Los Alamos: The making of a community
1917: Ashley Pond starts the Los Alamos Ranch School, a private boarding school for boys that blends academics and rigorous physical activity. Students include future authors Gore Vidal and William S. Burroughs. The Los Alamos community on the Pajarito Plateau consists largely of scattered homesteaders and the school.
1942: On Nov. 25, the U.S. War Department approves Los Alamos as the site for a laboratory focusing on research and design programs as part of the Manhattan Project effort to build an atomic bomb. The Army buys the Ranch School property and about 54,000 surrounding acres--mostly land owned by the U.S. Forest Service. In the project's first year, 80 babies are born in Los Alamos, a town that officially does not exist. Their birth certificates show their place of birth as P.O. Box 1663. The average age of residents is 24. Los Alamos becomes something of a boom town, with the population doubling every nine months until the end of World War II in 1945.
1943: Central School opens in September to serve the Manhattan Project children. The school building is considered one of the most elaborate built in Los Alamos during the war, angering military officials who intended that the wartime community remain temporary. Walter W. Cook of the University of Minnesota plans the school's curriculum. The federal government runs the school until 1946 and funds the school system entirely until 1949.
1945: On July 16, after 27 months of work, scientists conduct the Trinity test in the desert of south-central New Mexico. At Alamogordo, roughly 200 miles from Los Alamos, the blast is deemed a success, releasing an explosion equal to 20,000 tons of TNT.
1945: On Aug. 6, the United States uses the atomic bomb on Hiroshima, destroying much of the Japanese seaport town. On Aug. 9, another bomb is dropped on the smaller town of Nagasaki.
1945: Japan formally surrenders on Sept. 2, marking the end of World War II.
1950 to 1955: The Los Alamos schools become part of New Mexico's public school system and start receiving state education funds in addition to continued federal payments, which make up roughly one-third of the district's annual budget.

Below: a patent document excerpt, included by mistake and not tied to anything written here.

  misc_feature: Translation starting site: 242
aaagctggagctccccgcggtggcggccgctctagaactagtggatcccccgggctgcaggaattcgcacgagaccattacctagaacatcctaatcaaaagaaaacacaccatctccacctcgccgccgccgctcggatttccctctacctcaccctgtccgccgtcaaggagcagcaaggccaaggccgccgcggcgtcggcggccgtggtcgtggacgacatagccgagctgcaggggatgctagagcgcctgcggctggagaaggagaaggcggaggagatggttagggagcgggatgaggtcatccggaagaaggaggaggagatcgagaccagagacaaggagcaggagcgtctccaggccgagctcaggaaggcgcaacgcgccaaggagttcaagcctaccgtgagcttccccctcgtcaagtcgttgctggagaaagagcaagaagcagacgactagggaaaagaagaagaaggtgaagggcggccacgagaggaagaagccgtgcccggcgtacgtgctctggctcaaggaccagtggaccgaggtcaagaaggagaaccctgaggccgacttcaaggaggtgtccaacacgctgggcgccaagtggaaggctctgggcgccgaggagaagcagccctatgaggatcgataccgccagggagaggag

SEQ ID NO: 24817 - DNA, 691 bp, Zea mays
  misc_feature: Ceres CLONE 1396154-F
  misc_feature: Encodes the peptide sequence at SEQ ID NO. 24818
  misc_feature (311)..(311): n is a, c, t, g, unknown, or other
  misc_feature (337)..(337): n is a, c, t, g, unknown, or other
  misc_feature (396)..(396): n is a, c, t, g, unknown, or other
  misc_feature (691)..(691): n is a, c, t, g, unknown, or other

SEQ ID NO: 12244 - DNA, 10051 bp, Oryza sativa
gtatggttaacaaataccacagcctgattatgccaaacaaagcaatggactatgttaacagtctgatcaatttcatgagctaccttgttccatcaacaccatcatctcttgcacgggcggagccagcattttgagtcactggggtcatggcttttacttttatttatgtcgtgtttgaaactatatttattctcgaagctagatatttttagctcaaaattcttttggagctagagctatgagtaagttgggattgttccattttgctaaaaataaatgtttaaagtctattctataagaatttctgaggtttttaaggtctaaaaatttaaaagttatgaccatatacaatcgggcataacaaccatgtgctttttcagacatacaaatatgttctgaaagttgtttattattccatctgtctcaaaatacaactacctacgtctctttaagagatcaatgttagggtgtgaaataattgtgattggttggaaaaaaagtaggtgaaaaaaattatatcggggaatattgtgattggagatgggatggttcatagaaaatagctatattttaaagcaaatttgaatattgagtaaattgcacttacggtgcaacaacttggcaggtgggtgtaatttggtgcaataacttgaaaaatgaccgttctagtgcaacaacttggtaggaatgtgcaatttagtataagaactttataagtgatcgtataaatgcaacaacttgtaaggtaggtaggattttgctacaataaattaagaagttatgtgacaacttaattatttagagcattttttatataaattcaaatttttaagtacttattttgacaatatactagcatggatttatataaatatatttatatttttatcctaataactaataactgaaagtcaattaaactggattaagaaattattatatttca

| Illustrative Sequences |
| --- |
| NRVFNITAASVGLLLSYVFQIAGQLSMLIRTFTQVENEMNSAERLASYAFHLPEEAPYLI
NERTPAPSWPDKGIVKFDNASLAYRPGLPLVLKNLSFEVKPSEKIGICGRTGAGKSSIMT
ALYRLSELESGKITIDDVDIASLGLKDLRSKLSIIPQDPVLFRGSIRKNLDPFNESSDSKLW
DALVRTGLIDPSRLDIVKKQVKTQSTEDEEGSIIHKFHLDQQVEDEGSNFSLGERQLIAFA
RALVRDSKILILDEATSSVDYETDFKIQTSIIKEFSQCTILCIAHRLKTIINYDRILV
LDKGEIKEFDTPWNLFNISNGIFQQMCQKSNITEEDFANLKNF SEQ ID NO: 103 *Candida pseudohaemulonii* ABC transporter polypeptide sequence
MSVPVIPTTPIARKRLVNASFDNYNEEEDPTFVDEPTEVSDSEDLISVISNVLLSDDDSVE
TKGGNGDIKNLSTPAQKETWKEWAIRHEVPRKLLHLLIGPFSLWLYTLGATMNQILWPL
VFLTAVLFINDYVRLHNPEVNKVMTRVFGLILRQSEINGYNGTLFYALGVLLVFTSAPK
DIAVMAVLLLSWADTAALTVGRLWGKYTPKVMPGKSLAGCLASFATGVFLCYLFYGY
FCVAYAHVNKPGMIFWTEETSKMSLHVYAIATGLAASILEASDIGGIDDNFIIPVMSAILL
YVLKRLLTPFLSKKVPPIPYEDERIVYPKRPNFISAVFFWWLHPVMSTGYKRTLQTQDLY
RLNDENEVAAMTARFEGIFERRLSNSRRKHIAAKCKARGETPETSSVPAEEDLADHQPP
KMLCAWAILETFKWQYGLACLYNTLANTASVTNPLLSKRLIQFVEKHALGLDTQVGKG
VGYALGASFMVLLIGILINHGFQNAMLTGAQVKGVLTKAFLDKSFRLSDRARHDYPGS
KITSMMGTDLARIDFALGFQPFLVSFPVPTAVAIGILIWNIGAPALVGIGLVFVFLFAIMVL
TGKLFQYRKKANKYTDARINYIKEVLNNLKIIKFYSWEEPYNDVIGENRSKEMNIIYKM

1955: Congress passes the Atomic Energy Community Act, officially authorizing the federal government to make payments to Los Alamos and the two other Manhattan Project communities--with project sites in Richland, Wash., and Oak Ridge, Tenn.--until they reach "self sufficiency."
1957: The security gates and checkpoints around Los Alamos come down, and the Atomic City is no longer a closed city.
1962: The Atomic Energy Community Act is amended to allow the government to transfer ownership of land, buildings, and equipment to the Manhattan Project communities. It also authorizes payments to the communities for a period of 10 years, in the case of Los Alamos, running from fiscal 1967 to 1976.
1967: Ownership of the school land, buildings, and equipment officially transfers to the Los Alamos school board.
1970s: Richland, Wash., stops receiving federal-assistance payments under the 1955 act. Payments to the city and the schools are phased out by the end of the decade.
1981: The Los Alamos schools enter into a six-year contract with the U.S. Department of Energy for continued payments.
1986: Assistance payments for Los Alamos are renewed, but are set to expire in fiscal 1996. Oak Ridge, Tenn., and its surrounding counties receive a $41 million final settlement from the federal government, ending the annual assistance payments under the 1955 act.
1996: President Clinton signs an omnibus defense bill that includes a one-year extension for payments by the Energy Department to Los Alamos to expire in June 1997. In the meantime, Los Alamos and the Energy Department are to file a report to Congress by June 30 that lays out a plan for moving Los Alamos to self-sufficiency.
Vol. 15, Issue 29